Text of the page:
We were leaving our hotel after going to Tokyo DisneySea (next to Disneyland) and on the way back home, Mr. JOC suggested that since we’ll be going through Tokyo, let’s take the kids on a detour and visit some places. My son is really crazy about the Tokyo Skytree and have been wanting to visit. As some of you may know, my family lives in Yokohama and it’s about a 40 min train ride to Shibuya in downtown Tokyo. From my house to Tokyo Skytree, it would take at least 1 and half hour by train. However, from Tokyo DisneySea, it’s just a short 30 min ride. We didn’t even tell our children so we can surprise them. Before getting to Tokyo Skytree, we decided to stop by Asakusa (浅草) which is only one station away and to visit Sensoji, the oldest temple in Tokyo, and Nakamise, a shopping street that dates back back to 1688.
Kaminarimon (雷門) & Nakamise-dōri (仲見世通り)
Asakusa is located in Taito-ku (Taito District) near the Sumida river. It is an older part of the city, but it has its charms. There are many temples and shrines in the area but the one best known is Sensoji (浅草寺). As you arrive at Sensoji, your attention is immediately drawn to its impressive gate Kaminarimon (雷門, Thunder Gate). On the side of the the gates are the statues of the wind and thunder gods. One you make it through the gate, you arrive at Nakamise-dōri (仲見世通り). It’s 2 blocks of little shops that sells everything from Tokyo souvenirs, toys, chopsticks, and various Japanese snacks like Yokan (Japanese jelly), Osenbei (Rice Crackers), and Ningyoyaki.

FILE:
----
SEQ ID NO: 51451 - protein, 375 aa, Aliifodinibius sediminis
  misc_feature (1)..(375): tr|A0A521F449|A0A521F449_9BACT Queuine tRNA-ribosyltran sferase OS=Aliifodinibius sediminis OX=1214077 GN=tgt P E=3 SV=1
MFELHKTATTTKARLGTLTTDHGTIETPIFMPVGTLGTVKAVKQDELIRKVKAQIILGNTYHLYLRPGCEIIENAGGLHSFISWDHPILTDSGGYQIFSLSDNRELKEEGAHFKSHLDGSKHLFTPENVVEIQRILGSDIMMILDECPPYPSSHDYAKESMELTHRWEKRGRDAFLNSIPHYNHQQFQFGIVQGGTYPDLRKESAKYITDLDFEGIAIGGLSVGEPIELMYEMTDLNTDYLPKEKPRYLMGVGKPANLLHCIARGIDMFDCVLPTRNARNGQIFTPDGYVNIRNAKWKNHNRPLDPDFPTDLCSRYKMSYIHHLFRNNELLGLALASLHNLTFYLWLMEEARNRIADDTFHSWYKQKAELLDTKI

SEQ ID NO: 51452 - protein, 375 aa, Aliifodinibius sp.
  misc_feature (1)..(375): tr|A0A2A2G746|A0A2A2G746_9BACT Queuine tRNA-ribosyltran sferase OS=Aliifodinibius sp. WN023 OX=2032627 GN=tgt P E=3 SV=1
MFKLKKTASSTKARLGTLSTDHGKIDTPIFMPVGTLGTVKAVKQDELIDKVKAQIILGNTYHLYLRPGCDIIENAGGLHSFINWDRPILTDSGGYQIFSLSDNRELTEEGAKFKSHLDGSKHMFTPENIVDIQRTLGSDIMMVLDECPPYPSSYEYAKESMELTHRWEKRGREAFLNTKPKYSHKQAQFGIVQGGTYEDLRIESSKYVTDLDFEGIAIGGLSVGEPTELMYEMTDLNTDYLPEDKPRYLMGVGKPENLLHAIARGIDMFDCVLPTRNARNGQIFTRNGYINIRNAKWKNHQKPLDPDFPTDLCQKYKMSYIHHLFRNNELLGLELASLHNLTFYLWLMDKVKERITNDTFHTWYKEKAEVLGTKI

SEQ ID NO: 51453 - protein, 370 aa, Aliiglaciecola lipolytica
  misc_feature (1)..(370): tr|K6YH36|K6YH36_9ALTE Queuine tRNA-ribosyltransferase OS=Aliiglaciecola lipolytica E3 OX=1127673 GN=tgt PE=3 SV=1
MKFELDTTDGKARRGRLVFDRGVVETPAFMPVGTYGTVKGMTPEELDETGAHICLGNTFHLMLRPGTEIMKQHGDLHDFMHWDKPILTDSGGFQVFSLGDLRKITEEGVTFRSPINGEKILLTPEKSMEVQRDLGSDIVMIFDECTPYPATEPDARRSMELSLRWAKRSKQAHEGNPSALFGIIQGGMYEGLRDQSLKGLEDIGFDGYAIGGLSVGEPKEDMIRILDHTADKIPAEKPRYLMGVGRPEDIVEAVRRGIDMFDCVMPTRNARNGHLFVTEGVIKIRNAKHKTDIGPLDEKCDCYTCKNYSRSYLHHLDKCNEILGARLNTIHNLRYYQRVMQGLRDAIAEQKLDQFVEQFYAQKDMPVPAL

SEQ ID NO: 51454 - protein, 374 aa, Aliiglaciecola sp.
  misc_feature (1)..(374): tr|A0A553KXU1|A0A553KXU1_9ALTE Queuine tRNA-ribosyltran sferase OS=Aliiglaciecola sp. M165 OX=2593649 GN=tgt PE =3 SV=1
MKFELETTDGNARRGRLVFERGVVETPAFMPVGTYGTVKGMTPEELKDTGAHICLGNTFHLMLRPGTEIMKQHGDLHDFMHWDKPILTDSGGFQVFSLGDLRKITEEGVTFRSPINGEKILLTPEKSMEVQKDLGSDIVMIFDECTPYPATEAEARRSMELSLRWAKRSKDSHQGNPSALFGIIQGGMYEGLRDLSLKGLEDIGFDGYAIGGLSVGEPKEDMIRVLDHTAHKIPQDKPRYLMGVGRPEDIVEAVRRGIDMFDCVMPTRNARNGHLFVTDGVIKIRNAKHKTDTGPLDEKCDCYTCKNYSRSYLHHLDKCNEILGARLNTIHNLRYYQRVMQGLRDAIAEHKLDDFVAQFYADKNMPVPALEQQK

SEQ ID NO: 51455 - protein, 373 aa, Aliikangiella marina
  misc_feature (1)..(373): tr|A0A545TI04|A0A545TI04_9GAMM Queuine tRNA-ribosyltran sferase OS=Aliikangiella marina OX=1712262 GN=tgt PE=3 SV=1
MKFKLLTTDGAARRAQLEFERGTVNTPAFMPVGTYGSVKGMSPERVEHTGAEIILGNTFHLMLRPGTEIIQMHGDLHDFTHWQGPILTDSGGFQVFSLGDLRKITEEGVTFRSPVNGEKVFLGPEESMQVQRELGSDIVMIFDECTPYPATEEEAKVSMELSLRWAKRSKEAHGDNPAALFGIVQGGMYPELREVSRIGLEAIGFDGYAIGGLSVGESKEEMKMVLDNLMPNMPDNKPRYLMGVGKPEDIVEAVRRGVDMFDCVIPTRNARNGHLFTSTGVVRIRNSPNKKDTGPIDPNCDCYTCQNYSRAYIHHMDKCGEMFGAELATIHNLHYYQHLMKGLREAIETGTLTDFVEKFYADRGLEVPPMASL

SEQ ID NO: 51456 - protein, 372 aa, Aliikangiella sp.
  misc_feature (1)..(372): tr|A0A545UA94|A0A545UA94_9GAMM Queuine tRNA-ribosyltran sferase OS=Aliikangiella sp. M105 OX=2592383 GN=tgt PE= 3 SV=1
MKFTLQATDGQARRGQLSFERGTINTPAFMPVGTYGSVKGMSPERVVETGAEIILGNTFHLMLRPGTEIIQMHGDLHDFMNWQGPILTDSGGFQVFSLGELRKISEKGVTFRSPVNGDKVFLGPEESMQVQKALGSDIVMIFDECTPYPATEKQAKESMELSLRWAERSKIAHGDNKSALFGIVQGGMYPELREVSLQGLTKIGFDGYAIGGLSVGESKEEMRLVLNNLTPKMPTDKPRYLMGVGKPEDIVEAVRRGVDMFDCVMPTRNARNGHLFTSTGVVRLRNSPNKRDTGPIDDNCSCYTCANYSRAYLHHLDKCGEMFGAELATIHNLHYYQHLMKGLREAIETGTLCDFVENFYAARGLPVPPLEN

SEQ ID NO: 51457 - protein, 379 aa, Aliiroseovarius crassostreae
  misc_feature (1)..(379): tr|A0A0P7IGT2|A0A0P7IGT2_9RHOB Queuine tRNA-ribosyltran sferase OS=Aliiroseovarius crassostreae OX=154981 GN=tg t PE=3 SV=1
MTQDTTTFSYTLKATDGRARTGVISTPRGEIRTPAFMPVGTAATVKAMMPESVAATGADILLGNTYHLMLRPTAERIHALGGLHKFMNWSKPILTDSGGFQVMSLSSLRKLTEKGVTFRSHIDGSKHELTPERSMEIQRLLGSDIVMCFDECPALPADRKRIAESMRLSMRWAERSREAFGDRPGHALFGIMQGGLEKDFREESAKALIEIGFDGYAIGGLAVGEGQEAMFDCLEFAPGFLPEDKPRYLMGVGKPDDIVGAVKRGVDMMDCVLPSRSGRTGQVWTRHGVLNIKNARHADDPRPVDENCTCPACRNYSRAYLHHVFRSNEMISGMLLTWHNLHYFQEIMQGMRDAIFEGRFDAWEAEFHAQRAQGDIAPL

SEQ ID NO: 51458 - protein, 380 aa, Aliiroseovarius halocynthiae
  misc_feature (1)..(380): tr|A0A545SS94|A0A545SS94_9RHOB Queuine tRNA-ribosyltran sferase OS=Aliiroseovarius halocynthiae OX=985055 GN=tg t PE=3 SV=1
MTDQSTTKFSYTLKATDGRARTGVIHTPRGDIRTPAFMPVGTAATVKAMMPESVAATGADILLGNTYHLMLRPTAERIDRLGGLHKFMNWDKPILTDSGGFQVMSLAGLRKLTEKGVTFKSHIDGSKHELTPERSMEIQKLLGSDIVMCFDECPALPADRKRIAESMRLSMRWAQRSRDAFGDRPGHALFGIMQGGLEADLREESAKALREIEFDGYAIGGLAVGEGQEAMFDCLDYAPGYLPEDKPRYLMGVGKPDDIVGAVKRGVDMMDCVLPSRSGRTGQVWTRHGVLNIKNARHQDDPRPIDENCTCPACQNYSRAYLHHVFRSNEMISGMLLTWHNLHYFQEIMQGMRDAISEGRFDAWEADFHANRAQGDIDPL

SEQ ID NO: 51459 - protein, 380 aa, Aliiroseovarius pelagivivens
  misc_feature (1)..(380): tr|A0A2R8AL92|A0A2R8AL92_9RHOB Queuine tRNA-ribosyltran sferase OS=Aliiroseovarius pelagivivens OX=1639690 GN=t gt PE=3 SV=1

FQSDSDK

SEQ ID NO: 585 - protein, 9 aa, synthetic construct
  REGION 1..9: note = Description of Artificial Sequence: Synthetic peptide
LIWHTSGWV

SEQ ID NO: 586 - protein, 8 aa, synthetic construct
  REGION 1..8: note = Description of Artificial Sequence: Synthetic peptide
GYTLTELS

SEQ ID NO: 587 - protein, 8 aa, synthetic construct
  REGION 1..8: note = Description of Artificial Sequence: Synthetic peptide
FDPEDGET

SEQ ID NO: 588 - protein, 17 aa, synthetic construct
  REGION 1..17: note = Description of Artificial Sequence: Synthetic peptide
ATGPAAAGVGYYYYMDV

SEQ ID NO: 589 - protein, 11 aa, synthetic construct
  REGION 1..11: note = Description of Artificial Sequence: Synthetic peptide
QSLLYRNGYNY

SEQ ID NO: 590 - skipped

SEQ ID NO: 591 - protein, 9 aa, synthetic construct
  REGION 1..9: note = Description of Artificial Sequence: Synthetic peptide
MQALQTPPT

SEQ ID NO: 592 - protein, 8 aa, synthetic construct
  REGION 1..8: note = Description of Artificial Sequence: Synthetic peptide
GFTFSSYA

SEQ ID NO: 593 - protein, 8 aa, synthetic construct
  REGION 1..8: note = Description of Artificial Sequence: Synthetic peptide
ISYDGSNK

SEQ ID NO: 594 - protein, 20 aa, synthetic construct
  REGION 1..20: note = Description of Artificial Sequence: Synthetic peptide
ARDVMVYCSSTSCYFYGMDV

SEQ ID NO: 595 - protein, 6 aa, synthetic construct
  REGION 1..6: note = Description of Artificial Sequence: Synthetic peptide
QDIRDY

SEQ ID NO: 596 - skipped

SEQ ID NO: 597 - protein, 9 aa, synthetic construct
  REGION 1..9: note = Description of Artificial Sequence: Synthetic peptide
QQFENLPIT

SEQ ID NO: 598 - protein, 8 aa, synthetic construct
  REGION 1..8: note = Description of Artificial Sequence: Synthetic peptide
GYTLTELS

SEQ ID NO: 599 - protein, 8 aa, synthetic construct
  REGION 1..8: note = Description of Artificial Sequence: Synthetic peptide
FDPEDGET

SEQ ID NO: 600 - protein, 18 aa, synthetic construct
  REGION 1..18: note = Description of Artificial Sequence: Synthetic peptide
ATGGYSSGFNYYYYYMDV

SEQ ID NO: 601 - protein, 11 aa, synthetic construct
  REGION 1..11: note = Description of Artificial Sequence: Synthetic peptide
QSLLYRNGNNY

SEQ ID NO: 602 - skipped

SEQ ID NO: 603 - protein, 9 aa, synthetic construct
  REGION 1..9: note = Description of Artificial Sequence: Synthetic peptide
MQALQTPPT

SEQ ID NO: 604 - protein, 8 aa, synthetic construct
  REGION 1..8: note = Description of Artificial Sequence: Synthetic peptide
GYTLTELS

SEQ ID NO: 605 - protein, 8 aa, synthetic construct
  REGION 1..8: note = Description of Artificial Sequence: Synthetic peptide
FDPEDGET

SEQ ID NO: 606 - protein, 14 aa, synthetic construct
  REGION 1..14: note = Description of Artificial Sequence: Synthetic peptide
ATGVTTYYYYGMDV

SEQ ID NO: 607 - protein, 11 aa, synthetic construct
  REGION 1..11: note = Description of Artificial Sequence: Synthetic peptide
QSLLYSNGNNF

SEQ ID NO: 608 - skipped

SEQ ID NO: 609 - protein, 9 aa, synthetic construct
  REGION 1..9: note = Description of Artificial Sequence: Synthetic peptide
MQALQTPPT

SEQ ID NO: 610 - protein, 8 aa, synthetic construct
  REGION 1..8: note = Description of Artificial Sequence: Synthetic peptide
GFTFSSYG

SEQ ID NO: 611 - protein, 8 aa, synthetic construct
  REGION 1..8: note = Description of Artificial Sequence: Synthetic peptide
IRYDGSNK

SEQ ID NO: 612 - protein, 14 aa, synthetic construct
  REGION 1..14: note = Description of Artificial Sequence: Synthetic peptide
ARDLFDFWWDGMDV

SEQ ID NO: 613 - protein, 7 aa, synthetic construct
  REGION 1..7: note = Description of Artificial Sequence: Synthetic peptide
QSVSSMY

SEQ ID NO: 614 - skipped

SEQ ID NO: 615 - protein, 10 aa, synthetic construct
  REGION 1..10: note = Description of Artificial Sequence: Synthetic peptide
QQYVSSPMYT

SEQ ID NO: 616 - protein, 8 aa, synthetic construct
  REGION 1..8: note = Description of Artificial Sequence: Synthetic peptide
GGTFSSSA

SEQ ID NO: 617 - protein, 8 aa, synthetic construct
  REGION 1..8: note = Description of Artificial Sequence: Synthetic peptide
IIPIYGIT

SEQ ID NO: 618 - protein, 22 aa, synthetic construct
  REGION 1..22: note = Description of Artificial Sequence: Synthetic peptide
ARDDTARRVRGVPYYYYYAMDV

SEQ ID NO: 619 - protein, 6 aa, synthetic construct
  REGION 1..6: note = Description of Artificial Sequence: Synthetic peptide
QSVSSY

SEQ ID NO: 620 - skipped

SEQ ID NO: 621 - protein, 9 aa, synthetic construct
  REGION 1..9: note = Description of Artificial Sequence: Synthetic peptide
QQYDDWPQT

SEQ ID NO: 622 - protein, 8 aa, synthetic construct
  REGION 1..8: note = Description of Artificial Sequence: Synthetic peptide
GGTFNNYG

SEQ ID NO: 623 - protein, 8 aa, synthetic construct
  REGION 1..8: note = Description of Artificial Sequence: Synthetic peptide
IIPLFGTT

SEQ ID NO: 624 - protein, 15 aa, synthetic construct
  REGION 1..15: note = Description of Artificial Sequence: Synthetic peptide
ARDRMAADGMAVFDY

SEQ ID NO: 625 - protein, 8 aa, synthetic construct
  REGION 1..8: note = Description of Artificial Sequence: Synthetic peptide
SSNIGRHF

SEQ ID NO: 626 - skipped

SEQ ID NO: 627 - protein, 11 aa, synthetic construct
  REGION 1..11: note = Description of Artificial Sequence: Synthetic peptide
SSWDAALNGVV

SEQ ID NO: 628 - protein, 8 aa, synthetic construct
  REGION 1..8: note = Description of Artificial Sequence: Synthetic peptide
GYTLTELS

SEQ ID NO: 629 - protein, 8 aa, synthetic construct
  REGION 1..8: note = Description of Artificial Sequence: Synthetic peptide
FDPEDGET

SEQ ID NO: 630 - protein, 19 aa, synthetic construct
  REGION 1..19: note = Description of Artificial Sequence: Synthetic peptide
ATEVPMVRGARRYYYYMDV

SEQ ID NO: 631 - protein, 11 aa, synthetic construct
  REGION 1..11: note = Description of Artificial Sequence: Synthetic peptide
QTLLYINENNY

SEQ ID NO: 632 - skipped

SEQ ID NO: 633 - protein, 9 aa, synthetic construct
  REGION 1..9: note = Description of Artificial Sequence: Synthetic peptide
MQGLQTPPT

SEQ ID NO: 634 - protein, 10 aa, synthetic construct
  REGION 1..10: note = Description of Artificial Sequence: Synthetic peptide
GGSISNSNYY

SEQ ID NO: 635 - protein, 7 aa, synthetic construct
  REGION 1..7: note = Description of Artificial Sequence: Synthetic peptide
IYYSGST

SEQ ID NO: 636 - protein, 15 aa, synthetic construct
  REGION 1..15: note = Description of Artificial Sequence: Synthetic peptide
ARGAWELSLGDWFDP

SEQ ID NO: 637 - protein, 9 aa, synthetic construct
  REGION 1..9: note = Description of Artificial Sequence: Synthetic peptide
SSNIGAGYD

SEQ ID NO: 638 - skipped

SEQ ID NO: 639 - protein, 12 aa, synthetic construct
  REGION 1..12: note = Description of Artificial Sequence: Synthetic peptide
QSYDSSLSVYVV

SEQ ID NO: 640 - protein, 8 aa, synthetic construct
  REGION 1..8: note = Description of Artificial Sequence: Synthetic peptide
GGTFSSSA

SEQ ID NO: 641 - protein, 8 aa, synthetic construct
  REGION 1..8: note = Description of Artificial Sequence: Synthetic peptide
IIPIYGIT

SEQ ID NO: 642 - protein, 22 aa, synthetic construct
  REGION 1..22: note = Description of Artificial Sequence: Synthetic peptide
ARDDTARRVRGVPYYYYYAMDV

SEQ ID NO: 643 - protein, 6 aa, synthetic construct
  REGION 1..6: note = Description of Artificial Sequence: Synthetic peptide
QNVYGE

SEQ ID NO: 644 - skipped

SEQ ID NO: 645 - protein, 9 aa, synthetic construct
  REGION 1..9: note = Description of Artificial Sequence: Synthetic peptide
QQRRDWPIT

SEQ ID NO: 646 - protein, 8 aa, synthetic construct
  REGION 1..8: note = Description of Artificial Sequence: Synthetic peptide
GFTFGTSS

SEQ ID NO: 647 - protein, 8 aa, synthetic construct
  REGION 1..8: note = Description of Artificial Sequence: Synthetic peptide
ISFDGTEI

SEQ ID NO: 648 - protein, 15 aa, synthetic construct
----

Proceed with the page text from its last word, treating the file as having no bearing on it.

Ningyoyaki (人形焼) is a Japanese snack with a pancake like exterior and red bean paste filling. With machines making the ningyoyaki these days, it’s a delicious treat where 10 only costs USD$2. There are some stores on Nakamise-dōri that still make them the traditional way as well. It was fascinating watching the skilled artisan pouring the batter into the mold, then squeezing the red bean paste into each slot one by one, and then grilling over fire.
Other food stalls include shops that sells dango (sweet rice dumplings) in various flavors as well as mochi. Traditional craft stores includes ones that sells beautiful chopsticks.
I am hosting a WORLDWIDE giveaway for 2 sets of elegant chopsticks (a pair each) to readers. Click here to enter!
Hozomon Gate (宝蔵門)